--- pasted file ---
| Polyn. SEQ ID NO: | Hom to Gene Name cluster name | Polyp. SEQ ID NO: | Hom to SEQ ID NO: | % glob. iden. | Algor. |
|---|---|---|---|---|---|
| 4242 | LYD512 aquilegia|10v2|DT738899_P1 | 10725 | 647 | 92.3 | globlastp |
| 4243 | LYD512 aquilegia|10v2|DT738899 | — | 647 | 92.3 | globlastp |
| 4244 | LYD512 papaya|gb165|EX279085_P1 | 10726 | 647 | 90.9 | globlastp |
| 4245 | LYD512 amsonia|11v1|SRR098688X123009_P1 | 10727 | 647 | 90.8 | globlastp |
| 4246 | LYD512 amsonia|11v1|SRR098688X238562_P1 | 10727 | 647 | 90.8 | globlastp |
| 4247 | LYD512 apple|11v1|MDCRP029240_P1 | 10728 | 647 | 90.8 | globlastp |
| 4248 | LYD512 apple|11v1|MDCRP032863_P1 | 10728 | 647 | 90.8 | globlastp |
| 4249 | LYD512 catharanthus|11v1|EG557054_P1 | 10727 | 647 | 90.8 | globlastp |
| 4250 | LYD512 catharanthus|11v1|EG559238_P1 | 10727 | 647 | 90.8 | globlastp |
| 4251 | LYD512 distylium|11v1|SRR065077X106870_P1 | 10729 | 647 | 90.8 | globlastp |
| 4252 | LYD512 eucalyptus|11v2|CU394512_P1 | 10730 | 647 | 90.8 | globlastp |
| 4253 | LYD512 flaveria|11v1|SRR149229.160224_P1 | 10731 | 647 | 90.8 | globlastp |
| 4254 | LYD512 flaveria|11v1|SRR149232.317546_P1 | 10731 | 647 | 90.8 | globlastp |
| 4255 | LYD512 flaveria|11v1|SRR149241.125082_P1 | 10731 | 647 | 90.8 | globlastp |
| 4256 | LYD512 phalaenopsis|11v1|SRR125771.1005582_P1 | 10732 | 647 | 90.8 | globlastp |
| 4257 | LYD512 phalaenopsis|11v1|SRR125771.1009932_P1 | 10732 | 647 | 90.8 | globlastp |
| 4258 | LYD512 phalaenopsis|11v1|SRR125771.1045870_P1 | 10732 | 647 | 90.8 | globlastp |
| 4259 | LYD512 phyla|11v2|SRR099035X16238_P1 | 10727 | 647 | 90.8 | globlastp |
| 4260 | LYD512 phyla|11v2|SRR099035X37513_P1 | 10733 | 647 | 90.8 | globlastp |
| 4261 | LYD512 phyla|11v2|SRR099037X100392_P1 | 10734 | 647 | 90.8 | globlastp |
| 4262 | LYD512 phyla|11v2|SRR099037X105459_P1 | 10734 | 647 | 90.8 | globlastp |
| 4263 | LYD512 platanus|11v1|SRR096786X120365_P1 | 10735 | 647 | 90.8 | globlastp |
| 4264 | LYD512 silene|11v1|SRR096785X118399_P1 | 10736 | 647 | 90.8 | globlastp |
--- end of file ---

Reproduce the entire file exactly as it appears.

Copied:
| Polyn. SEQ ID NO: | Hom to Gene Name cluster name | Polyp. SEQ ID NO: | Hom to SEQ ID NO: | % glob. iden. | Algor. |
|---|---|---|---|---|---|
| 4242 | LYD512 aquilegia|10v2|DT738899_P1 | 10725 | 647 | 92.3 | globlastp |
| 4243 | LYD512 aquilegia|10v2|DT738899 | — | 647 | 92.3 | globlastp |
| 4244 | LYD512 papaya|gb165|EX279085_P1 | 10726 | 647 | 90.9 | globlastp |
| 4245 | LYD512 amsonia|11v1|SRR098688X123009_P1 | 10727 | 647 | 90.8 | globlastp |
| 4246 | LYD512 amsonia|11v1|SRR098688X238562_P1 | 10727 | 647 | 90.8 | globlastp |
| 4247 | LYD512 apple|11v1|MDCRP029240_P1 | 10728 | 647 | 90.8 | globlastp |
| 4248 | LYD512 apple|11v1|MDCRP032863_P1 | 10728 | 647 | 90.8 | globlastp |
| 4249 | LYD512 catharanthus|11v1|EG557054_P1 | 10727 | 647 | 90.8 | globlastp |
| 4250 | LYD512 catharanthus|11v1|EG559238_P1 | 10727 | 647 | 90.8 | globlastp |
| 4251 | LYD512 distylium|11v1|SRR065077X106870_P1 | 10729 | 647 | 90.8 | globlastp |
| 4252 | LYD512 eucalyptus|11v2|CU394512_P1 | 10730 | 647 | 90.8 | globlastp |
| 4253 | LYD512 flaveria|11v1|SRR149229.160224_P1 | 10731 | 647 | 90.8 | globlastp |
| 4254 | LYD512 flaveria|11v1|SRR149232.317546_P1 | 10731 | 647 | 90.8 | globlastp |
| 4255 | LYD512 flaveria|11v1|SRR149241.125082_P1 | 10731 | 647 | 90.8 | globlastp |
| 4256 | LYD512 phalaenopsis|11v1|SRR125771.1005582_P1 | 10732 | 647 | 90.8 | globlastp |
| 4257 | LYD512 phalaenopsis|11v1|SRR125771.1009932_P1 | 10732 | 647 | 90.8 | globlastp |
| 4258 | LYD512 phalaenopsis|11v1|SRR125771.1045870_P1 | 10732 | 647 | 90.8 | globlastp |
| 4259 | LYD512 phyla|11v2|SRR099035X16238_P1 | 10727 | 647 | 90.8 | globlastp |
| 4260 | LYD512 phyla|11v2|SRR099035X37513_P1 | 10733 | 647 | 90.8 | globlastp |
| 4261 | LYD512 phyla|11v2|SRR099037X100392_P1 | 10734 | 647 | 90.8 | globlastp |
| 4262 | LYD512 phyla|11v2|SRR099037X105459_P1 | 10734 | 647 | 90.8 | globlastp |
| 4263 | LYD512 platanus|11v1|SRR096786X120365_P1 | 10735 | 647 | 90.8 | globlastp |
| 4264 | LYD512 silene|11v1|SRR096785X118399_P1 | 10736 | 647 | 90.8 | globlastp |